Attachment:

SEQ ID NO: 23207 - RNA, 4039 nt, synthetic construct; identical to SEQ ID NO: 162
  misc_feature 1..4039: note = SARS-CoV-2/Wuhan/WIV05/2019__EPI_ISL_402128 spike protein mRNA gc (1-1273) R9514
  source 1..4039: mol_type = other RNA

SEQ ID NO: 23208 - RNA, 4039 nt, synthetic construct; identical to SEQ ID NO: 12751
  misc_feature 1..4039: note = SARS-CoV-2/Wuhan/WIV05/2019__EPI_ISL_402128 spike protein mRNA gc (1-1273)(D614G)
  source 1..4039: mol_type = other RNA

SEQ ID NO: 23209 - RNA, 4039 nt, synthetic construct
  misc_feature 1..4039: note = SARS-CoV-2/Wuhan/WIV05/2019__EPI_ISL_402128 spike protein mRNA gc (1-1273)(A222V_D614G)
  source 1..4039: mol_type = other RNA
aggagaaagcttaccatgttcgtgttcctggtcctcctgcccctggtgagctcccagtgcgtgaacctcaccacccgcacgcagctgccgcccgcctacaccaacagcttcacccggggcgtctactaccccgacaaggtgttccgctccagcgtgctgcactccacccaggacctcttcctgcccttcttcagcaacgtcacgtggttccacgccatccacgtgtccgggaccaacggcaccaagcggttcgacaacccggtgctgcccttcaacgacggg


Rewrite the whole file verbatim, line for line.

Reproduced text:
SEQ ID NO: 23207 - RNA, 4039 nt, synthetic construct; identical to SEQ ID NO: 162
  misc_feature 1..4039: note = SARS-CoV-2/Wuhan/WIV05/2019__EPI_ISL_402128 spike protein mRNA gc (1-1273) R9514
  source 1..4039: mol_type = other RNA

SEQ ID NO: 23208 - RNA, 4039 nt, synthetic construct; identical to SEQ ID NO: 12751
  misc_feature 1..4039: note = SARS-CoV-2/Wuhan/WIV05/2019__EPI_ISL_402128 spike protein mRNA gc (1-1273)(D614G)
  source 1..4039: mol_type = other RNA

SEQ ID NO: 23209 - RNA, 4039 nt, synthetic construct
  misc_feature 1..4039: note = SARS-CoV-2/Wuhan/WIV05/2019__EPI_ISL_402128 spike protein mRNA gc (1-1273)(A222V_D614G)
  source 1..4039: mol_type = other RNA
aggagaaagcttaccatgttcgtgttcctggtcctcctgcccctggtgagctcccagtgcgtgaacctcaccacccgcacgcagctgccgcccgcctacaccaacagcttcacccggggcgtctactaccccgacaaggtgttccgctccagcgtgctgcactccacccaggacctcttcctgcccttcttcagcaacgtcacgtggttccacgccatccacgtgtccgggaccaacggcaccaagcggttcgacaacccggtgctgcccttcaacgacggg